Predictors of weight maintenance.

W.J. Pasman*, W.H.M. Saris, M.S. Westerterp-Plantenga

*Corresponding author for this work

Research output: Contribution to journalArticleAcademicpeer-review

245 Downloads (Pure)


Department of Human Biology, Maastricht University, The Netherlands.

OBJECTIVE: To obtain predictors of weight maintenance after a weight-loss intervention. RESEARCH METHODS AND PROCEDURES: An overall analysis of data from two-long intervention studies [n=67 women; age: 37.9+/-1.0 years; body weight (BW): 87.0+/-1.2 kg; body mass index: 32.1+/-0.5 kg.m(-2); % body fat: 42.4+/-0.5%]. Subjects were measured before a very low energy diet (month 0), after the very low energy diet of 2 months (month 2) and after a 14-month follow-up phase (at 16 months), in which fiber or a carbohydrate-containing food supplement was supplied. The baseline measurements and the changes in parameters induced by the diet intervention were used to predict the changes in BW in the follow-up phase [deltaBW(2-16)]. RESULTS: Multiple regression analysis revealed that 50% (p<0.001) of the variability in weight regain could be explained by physiological and behavioral factors. These were: frequency of previous dieting (r2=0.27, p<0.05), hunger score (measured with the three-factor eating behavior questionnaire), and change in 24-hour resting metabolic rate (RMR). Frequent dieters showed significantly more weight regain than less frequent dieters (8.8+/-1.0 kg vs. 5.1+/-0.8 kg, p<0.01). Subjects having parents with obesity regained almost significantly more weight than subjects with lean parents (8.5+/-0.2 kg vs. 5.1+/-1.5 kg, respectively; p = 0.06). DISCUSSION: Physiological (deltaRMR-24 hours) and behavioral factors (previous frequency of dieting and hunger score) predicted failure of weight maintenance and, as such, can be used to identify women who are at risk for weight regain.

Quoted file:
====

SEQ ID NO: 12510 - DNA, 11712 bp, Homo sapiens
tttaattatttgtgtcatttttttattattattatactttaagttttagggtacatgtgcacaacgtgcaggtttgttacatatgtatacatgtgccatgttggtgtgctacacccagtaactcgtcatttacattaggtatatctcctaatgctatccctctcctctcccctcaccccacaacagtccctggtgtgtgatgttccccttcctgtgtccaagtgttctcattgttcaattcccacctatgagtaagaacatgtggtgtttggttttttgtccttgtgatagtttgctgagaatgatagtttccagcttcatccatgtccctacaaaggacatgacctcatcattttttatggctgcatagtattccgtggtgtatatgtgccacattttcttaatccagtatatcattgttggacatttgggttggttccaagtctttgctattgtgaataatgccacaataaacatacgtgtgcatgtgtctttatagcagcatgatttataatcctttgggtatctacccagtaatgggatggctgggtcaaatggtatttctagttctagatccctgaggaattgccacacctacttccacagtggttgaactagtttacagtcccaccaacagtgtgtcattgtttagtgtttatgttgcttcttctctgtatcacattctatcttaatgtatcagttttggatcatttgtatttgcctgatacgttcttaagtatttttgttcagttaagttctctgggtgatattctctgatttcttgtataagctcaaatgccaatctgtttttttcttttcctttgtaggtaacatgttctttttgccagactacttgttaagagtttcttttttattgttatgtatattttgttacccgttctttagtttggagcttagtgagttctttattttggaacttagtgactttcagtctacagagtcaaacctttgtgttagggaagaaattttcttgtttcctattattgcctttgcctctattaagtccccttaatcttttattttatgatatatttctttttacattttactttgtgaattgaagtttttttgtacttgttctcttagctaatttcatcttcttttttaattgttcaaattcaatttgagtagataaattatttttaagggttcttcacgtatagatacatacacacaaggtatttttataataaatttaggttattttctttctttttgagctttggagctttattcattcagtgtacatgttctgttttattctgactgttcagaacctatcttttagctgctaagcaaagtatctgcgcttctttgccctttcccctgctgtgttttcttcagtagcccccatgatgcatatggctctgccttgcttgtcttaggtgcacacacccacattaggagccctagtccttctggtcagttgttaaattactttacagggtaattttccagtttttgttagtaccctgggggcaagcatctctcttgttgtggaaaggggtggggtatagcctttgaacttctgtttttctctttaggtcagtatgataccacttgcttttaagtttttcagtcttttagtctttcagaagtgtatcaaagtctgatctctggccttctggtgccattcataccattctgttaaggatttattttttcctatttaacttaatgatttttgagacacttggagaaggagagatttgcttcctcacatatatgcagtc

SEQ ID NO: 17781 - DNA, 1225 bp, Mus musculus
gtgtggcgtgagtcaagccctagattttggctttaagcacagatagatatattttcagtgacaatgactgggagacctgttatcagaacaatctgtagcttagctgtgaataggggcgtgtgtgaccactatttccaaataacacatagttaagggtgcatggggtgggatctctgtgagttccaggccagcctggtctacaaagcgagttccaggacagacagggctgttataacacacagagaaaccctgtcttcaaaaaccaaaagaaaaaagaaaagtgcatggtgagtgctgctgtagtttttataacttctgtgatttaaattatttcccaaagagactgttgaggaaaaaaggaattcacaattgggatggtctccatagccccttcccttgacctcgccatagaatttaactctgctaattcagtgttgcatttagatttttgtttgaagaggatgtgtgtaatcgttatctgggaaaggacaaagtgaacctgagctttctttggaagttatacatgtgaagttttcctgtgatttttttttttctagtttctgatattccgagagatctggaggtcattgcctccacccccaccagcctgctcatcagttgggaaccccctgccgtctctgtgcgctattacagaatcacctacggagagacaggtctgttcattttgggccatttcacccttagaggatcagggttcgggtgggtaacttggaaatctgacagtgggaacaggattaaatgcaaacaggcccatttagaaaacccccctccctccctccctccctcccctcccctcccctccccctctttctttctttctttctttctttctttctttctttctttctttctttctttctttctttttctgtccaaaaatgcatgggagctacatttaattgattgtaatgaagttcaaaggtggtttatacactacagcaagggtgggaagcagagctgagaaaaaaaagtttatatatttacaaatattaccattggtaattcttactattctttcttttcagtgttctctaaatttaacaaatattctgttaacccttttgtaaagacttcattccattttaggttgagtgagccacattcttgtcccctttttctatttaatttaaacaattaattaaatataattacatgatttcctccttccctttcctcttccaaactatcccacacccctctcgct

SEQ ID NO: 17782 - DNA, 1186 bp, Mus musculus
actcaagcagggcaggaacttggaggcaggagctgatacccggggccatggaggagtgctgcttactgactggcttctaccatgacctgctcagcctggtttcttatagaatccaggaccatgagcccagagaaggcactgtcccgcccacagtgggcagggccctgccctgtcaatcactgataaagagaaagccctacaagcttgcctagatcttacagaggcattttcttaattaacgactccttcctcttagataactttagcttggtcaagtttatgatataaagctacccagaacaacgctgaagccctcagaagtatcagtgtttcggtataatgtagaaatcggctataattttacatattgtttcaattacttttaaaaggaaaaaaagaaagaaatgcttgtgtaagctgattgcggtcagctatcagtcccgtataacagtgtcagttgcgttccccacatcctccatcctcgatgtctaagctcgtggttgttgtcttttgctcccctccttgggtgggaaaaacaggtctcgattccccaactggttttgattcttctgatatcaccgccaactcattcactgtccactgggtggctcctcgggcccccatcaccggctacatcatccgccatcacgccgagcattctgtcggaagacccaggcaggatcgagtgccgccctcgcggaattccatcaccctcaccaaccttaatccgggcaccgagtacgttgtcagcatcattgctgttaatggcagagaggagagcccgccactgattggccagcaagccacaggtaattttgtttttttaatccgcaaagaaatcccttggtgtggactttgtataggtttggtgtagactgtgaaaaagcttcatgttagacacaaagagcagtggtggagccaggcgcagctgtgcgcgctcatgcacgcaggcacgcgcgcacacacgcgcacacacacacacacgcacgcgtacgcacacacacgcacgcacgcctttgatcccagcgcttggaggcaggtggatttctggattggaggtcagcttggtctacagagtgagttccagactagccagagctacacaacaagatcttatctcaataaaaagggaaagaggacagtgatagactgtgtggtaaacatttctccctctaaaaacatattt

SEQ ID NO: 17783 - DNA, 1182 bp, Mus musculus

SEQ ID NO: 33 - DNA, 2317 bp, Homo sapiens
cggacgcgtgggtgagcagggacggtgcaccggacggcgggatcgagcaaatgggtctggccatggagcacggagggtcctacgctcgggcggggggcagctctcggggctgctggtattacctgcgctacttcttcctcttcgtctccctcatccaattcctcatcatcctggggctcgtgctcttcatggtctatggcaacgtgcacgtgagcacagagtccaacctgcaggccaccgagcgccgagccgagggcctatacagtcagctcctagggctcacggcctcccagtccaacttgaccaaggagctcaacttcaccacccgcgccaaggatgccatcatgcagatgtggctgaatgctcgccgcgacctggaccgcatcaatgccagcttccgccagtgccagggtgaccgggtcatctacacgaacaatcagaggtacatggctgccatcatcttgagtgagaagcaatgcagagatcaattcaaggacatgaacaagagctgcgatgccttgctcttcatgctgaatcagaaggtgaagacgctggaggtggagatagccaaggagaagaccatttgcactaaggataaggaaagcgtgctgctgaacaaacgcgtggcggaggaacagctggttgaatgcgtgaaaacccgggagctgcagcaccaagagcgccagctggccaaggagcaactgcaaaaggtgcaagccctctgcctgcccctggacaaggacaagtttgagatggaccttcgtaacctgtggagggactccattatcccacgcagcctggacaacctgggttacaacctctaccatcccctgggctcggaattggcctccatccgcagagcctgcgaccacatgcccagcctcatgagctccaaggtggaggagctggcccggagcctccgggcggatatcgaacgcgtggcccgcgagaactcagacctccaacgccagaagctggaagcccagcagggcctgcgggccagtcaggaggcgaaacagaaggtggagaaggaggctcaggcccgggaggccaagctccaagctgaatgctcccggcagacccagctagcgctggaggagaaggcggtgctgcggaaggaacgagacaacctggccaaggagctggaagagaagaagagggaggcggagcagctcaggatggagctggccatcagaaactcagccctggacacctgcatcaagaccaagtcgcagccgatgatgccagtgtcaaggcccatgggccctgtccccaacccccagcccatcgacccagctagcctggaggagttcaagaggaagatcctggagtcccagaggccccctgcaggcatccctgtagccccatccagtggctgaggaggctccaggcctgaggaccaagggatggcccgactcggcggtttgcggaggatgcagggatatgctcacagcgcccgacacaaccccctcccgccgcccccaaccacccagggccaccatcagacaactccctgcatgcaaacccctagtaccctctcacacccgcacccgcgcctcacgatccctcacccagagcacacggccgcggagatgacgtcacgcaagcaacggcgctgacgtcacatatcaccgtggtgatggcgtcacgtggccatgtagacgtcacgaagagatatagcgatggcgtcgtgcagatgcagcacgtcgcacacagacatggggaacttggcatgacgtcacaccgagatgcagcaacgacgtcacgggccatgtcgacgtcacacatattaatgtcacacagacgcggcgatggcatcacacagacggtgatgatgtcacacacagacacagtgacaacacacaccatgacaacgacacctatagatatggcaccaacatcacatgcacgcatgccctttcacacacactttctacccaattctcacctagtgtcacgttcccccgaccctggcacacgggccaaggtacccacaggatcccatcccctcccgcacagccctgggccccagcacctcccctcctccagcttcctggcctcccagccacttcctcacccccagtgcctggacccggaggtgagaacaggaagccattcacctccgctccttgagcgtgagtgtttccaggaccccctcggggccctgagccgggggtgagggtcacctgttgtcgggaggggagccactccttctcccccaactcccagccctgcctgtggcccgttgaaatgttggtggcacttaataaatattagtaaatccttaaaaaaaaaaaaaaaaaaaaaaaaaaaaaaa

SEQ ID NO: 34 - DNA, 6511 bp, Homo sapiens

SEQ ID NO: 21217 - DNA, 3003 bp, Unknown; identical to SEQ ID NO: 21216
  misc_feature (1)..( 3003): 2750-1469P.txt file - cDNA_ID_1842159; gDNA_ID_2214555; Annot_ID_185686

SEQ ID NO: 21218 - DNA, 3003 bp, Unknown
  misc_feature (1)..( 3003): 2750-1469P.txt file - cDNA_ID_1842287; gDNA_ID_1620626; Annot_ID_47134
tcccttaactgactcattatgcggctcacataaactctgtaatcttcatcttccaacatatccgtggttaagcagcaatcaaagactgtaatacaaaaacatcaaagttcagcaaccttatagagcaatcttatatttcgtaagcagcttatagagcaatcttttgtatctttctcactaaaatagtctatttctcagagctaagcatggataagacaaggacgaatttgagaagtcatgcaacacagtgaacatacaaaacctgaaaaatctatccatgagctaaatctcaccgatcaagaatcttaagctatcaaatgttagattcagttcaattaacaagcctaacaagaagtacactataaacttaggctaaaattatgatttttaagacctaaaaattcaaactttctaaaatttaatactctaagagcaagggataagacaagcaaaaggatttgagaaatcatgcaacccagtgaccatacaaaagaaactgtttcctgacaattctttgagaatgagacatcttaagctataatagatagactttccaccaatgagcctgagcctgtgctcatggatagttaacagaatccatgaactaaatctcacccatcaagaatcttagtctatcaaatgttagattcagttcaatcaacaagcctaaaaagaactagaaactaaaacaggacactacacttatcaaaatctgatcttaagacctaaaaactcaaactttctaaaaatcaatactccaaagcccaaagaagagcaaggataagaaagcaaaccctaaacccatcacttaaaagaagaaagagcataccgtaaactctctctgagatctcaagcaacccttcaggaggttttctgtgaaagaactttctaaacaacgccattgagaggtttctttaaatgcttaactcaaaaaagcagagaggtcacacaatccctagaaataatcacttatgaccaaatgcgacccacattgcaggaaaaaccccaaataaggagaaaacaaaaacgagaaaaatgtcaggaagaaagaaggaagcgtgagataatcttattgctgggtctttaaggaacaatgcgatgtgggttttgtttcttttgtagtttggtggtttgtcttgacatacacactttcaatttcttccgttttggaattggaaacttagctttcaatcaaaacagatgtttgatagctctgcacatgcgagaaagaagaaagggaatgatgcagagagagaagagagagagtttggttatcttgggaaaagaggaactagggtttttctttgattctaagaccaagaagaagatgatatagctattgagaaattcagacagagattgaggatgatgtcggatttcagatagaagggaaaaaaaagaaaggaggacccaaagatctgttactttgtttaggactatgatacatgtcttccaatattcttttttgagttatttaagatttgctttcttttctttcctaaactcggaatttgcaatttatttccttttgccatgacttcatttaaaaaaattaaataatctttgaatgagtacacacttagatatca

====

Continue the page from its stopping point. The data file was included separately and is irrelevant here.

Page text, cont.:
Original languageEnglish
Pages (from-to)43-50
Number of pages9
JournalObesity Research
Issue number1
Publication statusPublished - 1 Jan 1999

Cite this